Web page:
New non-dom regime

What do we know about the new non-dom regime?

In the Spring Budget 2024, Chancellor Jeremy Hunt unveiled plans to reform the remittance basis of taxation which can apply to non-UK domiciled, UK resident individuals. These changes are intended to take effect from 6 April 2025, so the current non-dom regime will remain for the 2024/25 tax year.

Currently, non-UK domiciled individuals can opt to be taxed just on their UK income and gains plus any overseas income and gains that they bring into the UK in some form. This is subject to specific conditions being met and, in some cases, an annual charge. It is also limited to a maximum of 15 tax years after which UK resident individuals have to move on to a worldwide basis of taxation.

The newly proposed non-dom regime will be based on a person’s residence rather than domicile whereby individuals arriving in the UK, previously non-tax residents for ten years, won’t be taxed on non-UK source income or gains for the first four years. This can therefore benefit UK domiciled individuals returning to the UK as well as non-doms. Unlike the current regime the proposals would allow the tax-free remittance of non-UK source income or gains arising during those four years.

Making a claim under the new non-dom regime, much like the current regime, means you will not be entitled to the tax-free personal allowances and the capital gains tax annual exempt amount for that year. Hence, for lower earners they may decide to disclose on the worldwide basis during the first four years to benefit from the tax-free allowances. After four tax years of UK tax residence, individuals will be taxed on worldwide income and gains at prevailing rates.

The new regime will be available to individuals with less than four tax years of UK residence on April 2025, provided they were non-UK tax residents for ten consecutive tax years prior to arriving in the UK. So for those who have recently arrived they can move onto the new regime for any remaining tax years within the four-year period. For example, an individual who had never been resident in the UK before who became tax resident on 6 April 2023, could use the new regime for the 2025/26 and 2026/27 tax years. After that they will have been resident here for four years and therefore would have to go onto a worldwide basis from 2027/28.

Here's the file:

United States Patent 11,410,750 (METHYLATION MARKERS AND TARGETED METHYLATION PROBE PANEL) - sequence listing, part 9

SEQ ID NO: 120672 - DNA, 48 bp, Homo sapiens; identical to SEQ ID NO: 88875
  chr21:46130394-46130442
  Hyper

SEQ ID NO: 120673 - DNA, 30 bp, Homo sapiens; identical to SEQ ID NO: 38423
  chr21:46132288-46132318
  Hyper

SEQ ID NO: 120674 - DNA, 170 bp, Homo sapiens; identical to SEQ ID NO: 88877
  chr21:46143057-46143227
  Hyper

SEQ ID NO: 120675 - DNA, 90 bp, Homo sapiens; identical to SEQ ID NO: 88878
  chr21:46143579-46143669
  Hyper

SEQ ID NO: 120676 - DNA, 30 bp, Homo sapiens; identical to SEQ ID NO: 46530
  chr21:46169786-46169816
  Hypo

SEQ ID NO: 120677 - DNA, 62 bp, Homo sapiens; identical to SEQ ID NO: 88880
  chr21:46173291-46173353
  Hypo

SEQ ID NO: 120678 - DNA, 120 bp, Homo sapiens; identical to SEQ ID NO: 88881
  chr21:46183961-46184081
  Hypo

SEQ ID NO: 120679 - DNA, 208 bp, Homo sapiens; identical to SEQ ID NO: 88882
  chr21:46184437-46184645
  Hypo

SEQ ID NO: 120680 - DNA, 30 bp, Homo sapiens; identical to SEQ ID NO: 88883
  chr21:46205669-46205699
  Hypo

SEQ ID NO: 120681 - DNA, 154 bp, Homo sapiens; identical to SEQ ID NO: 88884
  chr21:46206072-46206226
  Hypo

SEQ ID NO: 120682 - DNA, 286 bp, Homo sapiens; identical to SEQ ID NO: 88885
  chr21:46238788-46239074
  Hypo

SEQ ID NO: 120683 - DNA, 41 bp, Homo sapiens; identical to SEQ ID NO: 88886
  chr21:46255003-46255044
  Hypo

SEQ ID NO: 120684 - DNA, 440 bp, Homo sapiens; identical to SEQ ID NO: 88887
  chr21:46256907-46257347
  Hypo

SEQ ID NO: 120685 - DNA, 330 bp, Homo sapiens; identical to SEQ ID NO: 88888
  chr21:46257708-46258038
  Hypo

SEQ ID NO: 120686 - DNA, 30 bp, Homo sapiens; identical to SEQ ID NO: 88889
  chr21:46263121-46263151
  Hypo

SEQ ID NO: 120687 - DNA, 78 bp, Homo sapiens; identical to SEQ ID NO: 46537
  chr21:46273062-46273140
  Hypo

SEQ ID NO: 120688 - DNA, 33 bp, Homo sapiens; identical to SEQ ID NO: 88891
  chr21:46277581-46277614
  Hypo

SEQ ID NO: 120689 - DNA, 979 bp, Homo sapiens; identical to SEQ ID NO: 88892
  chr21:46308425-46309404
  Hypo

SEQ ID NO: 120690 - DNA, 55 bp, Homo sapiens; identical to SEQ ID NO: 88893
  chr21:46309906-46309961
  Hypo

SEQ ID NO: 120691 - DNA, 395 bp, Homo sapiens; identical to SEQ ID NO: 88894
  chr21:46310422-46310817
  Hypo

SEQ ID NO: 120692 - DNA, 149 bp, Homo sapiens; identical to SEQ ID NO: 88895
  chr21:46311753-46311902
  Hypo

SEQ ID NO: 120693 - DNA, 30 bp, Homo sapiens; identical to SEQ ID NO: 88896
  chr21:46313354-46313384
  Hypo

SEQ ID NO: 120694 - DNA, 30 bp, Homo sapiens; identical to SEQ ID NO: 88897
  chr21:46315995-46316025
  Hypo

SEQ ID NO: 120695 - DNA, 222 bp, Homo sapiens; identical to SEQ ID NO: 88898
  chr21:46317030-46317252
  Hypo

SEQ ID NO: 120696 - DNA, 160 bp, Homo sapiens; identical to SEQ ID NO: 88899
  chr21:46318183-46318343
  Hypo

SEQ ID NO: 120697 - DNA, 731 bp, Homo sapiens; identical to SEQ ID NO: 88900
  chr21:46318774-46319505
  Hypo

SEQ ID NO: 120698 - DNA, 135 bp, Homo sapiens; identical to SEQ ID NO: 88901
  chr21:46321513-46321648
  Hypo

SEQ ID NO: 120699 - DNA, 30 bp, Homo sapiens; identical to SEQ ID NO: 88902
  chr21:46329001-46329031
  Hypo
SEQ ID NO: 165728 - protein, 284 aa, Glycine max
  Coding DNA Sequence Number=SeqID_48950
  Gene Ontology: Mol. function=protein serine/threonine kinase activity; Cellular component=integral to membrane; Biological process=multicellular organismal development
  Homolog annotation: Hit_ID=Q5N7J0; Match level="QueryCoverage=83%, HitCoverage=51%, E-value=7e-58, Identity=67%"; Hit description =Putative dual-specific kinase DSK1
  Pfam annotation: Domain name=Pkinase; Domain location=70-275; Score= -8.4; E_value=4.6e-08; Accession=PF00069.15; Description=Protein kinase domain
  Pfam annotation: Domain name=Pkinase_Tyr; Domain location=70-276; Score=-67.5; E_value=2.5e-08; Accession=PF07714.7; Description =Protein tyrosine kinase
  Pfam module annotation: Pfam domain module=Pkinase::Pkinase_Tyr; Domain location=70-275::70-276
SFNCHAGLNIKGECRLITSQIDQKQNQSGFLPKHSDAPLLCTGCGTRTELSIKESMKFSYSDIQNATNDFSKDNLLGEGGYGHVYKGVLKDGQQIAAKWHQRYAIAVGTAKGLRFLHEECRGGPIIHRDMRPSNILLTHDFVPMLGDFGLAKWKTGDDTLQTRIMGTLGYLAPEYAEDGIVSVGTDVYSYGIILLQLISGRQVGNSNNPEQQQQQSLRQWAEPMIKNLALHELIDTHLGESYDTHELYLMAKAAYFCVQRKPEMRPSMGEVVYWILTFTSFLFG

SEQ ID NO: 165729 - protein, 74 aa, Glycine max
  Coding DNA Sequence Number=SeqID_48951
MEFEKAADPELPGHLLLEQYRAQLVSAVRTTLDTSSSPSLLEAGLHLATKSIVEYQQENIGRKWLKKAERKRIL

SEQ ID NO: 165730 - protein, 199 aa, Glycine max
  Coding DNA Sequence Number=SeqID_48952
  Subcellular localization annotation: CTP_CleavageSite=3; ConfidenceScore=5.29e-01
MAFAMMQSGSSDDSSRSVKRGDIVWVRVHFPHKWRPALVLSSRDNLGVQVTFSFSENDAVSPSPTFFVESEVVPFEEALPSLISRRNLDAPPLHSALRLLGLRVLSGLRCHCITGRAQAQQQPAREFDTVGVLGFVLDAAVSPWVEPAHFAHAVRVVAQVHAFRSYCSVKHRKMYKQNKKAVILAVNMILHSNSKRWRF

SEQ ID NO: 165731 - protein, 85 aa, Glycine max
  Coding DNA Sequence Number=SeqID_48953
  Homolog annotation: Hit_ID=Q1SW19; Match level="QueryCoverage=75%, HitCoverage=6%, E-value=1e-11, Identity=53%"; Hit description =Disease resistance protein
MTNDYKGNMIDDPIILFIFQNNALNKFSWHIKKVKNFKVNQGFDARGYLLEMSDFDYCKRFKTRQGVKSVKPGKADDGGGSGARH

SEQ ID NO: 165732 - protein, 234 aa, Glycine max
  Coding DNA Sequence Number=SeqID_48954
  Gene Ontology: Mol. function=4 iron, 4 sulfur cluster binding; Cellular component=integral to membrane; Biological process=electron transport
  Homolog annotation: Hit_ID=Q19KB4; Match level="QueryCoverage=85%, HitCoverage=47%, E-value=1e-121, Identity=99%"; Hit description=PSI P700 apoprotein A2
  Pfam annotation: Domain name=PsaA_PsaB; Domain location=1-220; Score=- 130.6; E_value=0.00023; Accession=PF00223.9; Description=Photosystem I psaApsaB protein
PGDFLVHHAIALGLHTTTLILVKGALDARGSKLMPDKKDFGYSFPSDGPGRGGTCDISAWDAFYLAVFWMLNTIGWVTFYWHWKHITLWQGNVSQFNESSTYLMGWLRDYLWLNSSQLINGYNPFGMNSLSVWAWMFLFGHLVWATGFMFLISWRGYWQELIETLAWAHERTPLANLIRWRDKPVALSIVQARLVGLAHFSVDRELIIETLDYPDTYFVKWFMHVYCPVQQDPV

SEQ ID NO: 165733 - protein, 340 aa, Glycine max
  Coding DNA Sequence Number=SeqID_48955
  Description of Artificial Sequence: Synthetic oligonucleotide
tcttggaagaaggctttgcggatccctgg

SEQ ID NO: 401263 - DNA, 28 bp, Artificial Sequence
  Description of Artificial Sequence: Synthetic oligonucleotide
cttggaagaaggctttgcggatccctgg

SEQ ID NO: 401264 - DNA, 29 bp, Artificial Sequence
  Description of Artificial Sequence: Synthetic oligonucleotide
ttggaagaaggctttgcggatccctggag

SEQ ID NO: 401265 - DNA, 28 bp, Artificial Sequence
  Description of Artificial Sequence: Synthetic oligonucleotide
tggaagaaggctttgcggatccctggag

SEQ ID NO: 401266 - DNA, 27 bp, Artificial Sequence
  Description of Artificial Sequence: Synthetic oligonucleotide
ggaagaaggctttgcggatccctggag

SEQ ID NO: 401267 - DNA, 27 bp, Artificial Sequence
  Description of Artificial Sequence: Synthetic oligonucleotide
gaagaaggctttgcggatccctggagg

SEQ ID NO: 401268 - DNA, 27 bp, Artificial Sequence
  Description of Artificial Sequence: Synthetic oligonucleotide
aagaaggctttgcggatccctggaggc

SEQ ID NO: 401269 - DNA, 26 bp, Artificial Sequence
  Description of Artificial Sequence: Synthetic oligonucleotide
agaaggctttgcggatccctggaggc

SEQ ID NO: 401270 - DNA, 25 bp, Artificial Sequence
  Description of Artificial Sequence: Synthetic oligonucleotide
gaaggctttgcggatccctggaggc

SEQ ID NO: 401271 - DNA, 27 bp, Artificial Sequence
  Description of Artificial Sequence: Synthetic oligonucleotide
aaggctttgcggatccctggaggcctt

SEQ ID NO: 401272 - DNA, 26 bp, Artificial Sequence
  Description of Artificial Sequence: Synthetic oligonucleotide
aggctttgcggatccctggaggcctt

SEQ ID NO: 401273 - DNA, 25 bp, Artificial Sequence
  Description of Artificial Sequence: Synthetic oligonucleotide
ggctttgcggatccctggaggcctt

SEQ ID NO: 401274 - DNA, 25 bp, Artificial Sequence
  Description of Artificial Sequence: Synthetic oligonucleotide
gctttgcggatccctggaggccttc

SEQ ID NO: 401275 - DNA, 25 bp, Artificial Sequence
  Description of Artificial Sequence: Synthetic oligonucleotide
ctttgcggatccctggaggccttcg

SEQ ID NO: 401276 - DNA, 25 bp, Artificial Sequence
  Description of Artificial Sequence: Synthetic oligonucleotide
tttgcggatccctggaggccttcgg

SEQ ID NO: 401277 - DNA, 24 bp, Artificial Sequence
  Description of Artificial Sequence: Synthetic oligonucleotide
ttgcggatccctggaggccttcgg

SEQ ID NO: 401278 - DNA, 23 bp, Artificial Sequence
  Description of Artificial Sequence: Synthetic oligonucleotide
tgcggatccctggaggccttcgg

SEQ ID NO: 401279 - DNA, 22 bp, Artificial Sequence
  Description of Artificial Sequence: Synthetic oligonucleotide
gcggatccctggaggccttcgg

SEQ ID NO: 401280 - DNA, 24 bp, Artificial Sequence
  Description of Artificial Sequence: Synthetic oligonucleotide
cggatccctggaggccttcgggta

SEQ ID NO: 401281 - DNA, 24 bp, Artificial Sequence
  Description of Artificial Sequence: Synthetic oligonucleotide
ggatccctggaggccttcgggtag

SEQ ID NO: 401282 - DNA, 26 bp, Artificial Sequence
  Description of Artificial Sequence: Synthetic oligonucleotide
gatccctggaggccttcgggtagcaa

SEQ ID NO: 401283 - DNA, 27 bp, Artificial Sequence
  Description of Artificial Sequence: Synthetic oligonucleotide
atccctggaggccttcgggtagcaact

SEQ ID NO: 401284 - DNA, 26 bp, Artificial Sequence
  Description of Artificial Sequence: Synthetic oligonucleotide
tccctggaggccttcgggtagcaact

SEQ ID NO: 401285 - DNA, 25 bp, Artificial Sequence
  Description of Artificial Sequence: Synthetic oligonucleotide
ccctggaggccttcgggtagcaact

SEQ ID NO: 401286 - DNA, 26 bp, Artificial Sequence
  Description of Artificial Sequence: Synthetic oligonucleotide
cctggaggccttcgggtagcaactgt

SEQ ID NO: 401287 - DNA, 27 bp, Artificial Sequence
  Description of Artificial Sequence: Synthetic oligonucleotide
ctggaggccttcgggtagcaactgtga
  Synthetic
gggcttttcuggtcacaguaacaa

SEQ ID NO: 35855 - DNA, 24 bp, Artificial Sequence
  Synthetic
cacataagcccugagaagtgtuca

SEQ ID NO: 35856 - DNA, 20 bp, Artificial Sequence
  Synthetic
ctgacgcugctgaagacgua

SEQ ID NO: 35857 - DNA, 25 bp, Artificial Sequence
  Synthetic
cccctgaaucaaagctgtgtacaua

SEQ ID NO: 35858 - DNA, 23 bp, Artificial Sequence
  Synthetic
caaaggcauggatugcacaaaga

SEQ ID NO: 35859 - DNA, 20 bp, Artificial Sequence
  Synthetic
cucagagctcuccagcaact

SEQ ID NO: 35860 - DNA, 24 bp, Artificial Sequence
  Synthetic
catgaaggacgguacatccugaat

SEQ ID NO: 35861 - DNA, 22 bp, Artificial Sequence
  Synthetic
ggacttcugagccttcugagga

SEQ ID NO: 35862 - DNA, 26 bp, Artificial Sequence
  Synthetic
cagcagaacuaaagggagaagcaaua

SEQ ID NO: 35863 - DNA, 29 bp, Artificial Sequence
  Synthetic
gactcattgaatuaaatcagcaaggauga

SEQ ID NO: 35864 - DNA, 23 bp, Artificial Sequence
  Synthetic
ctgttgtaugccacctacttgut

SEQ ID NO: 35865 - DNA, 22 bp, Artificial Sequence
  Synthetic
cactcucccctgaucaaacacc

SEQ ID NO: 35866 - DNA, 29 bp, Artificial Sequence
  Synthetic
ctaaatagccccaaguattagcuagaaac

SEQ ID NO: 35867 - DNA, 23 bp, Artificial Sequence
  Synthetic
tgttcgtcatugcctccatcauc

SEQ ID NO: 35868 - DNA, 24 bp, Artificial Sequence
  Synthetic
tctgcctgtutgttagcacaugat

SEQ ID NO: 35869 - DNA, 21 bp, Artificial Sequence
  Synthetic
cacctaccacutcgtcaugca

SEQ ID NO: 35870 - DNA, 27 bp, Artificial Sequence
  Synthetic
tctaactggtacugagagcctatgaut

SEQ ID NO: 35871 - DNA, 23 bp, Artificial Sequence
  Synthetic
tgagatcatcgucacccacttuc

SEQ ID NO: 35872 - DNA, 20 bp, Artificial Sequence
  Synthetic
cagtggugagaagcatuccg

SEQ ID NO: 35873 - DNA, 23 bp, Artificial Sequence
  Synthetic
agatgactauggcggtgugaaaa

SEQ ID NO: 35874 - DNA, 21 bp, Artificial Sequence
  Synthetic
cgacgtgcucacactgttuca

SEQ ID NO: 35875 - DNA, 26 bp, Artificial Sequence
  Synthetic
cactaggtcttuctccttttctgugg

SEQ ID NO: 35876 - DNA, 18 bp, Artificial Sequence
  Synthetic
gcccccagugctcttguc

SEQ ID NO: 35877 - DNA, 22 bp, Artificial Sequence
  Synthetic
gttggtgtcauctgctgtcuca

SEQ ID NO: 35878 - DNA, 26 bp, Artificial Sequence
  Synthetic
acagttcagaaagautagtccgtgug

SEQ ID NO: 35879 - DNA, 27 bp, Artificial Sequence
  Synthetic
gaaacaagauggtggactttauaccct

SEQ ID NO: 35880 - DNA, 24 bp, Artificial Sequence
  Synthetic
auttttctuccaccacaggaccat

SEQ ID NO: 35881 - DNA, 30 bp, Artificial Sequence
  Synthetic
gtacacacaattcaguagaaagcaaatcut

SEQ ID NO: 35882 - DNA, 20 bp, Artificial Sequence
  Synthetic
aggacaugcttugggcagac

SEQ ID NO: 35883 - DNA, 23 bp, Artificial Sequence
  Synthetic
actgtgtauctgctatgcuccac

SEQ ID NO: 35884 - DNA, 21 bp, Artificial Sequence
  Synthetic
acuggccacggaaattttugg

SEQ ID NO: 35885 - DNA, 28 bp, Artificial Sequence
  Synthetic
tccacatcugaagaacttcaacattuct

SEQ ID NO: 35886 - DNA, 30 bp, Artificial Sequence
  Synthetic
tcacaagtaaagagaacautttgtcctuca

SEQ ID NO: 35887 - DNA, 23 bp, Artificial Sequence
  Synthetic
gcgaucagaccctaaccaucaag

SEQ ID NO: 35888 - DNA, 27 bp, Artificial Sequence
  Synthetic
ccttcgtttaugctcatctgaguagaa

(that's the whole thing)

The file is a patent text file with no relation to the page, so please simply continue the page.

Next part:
There were further announcements to ease the burden for those who will suddenly find themselves having to declare on a worldwide basis:
• Those transitioning from the exiting non-dom regime and ineligible under the residency based tests will face tax on 50% of their overseas income in the tax year 2025/26. Gains will be taxable in full.
• Normally when calculating the capital gains tax on the sale of an asset by a UK resident individual you can deduct the original cost of the asset (even if it was purchased long before becoming UK tax resident). Under the transitional rules any Non-domiciled individuals who have used the remittance basis in the past and who will not become deemed domiciled before 6 April 2025, can elect to rebase non-UK assets held at 5 April 2019, for capital gains tax purposes provided they owned the asset on that date.
• A new temporary repatriation facility was announced to encourage non-doms to bring their funds into the UK to benefit the UK economy. Any unremitted foreign income and gains arising before 6 April 2025 that have not been subject to UK tax, can be remitted to the UK during the 2025/26 or 2026/27 tax years at a special low rate of 12%

A UK domiciled individual is liable to Inheritance tax on their worldwide assets. Notably this includes those who become deemed domiciled having been tax resident for 15 out of the past 20 years. The Government also intend to make inheritance tax (IHT) reforms to again remove the reliance on the concept of domicile and make it a residency-based test instead. A consultation is due to be issued later in the year regarding these changes.

Given there has to be a general election before 6 April 2025, it is entirely possible all of the above will be superseded, so we will provide updates as and when we know more.

If the new non-dom regime is likely to impact upon your tax affairs and you would like to speak to a member of our team to help you plan accordingly, please contact us on 020 7870 9050 or email us at

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